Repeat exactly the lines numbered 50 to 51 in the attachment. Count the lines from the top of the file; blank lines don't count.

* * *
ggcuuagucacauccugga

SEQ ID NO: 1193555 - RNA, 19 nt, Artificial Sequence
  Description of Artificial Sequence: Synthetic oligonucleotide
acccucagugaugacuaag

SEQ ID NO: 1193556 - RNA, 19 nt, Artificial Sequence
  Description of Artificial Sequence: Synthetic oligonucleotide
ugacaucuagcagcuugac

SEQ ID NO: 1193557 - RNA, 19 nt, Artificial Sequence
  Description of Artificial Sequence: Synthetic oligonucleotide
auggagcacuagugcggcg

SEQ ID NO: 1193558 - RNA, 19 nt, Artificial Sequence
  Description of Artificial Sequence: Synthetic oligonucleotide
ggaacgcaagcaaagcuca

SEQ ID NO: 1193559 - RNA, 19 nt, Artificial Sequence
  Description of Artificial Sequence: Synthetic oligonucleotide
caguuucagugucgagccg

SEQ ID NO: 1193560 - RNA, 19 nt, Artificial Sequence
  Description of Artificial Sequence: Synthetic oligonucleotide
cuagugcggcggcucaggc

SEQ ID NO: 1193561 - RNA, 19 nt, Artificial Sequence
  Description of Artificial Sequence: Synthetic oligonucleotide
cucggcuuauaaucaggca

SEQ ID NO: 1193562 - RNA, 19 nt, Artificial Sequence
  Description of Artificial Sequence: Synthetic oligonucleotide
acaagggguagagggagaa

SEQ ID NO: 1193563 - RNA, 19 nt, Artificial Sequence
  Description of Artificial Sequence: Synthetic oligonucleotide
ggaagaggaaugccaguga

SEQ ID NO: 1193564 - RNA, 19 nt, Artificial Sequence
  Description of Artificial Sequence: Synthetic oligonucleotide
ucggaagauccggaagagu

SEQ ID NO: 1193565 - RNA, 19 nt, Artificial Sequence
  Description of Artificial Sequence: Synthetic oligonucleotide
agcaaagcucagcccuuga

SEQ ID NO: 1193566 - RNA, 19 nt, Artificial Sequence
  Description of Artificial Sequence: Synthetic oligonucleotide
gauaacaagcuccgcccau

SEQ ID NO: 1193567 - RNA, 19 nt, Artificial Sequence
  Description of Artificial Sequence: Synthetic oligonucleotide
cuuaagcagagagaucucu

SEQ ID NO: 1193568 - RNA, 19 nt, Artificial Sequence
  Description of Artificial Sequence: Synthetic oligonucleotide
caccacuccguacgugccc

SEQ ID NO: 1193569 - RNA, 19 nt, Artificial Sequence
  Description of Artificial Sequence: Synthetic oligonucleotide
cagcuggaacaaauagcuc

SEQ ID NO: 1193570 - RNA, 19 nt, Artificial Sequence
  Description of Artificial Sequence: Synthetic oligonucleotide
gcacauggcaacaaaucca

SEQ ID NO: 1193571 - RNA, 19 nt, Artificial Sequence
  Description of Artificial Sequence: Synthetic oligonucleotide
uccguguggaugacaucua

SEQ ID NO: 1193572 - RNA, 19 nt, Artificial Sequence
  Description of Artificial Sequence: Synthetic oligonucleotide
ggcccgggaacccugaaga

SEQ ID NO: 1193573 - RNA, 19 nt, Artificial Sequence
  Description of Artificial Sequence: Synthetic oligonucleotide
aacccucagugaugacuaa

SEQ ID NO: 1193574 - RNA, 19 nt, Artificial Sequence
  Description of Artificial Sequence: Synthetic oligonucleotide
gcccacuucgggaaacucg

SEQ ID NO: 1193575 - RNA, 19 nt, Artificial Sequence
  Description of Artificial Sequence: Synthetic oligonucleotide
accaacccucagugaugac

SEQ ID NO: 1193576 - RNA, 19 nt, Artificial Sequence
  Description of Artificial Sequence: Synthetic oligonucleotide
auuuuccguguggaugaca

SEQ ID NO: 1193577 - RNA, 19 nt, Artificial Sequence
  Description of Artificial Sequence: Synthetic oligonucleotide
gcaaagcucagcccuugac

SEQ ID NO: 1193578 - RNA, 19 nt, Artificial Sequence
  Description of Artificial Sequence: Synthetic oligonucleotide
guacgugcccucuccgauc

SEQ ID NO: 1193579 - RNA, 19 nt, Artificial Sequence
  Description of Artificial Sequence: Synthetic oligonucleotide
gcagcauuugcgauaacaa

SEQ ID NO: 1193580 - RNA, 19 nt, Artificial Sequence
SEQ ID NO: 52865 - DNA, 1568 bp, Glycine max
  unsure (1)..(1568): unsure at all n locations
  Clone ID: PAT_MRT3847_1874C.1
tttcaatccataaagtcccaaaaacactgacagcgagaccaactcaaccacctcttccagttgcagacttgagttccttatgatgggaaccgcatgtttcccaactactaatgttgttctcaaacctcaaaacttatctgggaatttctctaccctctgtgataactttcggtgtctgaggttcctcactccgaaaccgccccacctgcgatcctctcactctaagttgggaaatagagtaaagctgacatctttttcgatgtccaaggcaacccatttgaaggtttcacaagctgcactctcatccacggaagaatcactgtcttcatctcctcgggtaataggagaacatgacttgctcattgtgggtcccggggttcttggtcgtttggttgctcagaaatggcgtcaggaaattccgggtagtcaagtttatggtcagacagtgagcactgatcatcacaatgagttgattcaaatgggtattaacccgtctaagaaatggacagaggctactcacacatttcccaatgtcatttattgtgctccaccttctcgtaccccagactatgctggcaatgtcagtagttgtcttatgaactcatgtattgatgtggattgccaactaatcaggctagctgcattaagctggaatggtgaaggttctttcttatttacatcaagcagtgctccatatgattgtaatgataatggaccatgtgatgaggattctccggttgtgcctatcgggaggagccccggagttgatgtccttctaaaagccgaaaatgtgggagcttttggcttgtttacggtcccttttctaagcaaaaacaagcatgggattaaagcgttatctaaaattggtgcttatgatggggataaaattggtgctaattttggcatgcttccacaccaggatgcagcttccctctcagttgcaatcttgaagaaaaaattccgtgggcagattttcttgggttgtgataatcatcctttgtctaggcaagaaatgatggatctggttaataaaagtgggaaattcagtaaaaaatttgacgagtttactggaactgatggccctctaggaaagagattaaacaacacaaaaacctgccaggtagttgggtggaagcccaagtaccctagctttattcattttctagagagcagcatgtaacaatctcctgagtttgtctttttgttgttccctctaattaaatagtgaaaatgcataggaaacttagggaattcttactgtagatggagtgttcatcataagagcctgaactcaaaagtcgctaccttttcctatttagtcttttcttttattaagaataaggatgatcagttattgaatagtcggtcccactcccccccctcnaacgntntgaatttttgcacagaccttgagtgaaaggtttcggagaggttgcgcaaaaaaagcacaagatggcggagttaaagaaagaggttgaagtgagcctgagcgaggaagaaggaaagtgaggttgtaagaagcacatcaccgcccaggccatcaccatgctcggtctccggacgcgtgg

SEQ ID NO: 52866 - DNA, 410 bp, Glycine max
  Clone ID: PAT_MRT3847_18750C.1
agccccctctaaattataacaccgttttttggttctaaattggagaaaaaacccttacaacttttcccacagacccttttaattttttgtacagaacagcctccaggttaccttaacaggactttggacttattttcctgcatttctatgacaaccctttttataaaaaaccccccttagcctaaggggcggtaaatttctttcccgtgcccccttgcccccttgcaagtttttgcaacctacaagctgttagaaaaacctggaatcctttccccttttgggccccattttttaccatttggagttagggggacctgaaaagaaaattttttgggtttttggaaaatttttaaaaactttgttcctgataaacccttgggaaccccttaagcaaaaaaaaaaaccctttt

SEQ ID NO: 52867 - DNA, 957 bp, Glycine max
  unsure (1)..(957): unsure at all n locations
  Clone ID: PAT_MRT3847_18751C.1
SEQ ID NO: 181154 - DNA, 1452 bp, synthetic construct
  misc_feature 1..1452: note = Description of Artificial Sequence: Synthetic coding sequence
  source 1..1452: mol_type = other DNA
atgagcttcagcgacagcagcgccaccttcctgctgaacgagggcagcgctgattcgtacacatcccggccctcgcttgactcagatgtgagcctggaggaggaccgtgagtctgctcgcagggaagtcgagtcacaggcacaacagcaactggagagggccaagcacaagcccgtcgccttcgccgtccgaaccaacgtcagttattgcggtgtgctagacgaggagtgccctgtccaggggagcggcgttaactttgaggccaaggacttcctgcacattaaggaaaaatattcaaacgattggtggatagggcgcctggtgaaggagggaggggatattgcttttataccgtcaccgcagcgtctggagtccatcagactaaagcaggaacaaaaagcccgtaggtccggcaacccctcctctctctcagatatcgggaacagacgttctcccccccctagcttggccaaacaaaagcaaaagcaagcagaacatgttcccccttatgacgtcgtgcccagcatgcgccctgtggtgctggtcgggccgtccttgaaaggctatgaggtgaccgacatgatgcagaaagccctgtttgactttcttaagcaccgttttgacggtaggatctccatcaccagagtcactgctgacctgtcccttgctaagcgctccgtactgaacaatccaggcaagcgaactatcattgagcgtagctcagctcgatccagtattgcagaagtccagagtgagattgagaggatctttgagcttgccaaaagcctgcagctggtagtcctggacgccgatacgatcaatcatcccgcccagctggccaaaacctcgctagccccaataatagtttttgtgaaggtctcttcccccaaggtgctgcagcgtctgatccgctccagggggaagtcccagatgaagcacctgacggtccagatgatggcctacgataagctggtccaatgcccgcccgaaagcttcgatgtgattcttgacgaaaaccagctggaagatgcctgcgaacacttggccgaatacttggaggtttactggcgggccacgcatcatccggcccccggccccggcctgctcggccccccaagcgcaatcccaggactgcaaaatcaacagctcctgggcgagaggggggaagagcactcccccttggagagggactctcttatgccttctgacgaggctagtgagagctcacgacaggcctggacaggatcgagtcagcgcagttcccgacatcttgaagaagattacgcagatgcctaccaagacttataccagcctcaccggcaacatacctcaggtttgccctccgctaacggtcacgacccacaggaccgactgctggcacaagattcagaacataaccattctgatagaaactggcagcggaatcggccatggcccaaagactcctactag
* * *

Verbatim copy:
SEQ ID NO: 1193571 - RNA, 19 nt, Artificial Sequence
  Description of Artificial Sequence: Synthetic oligonucleotide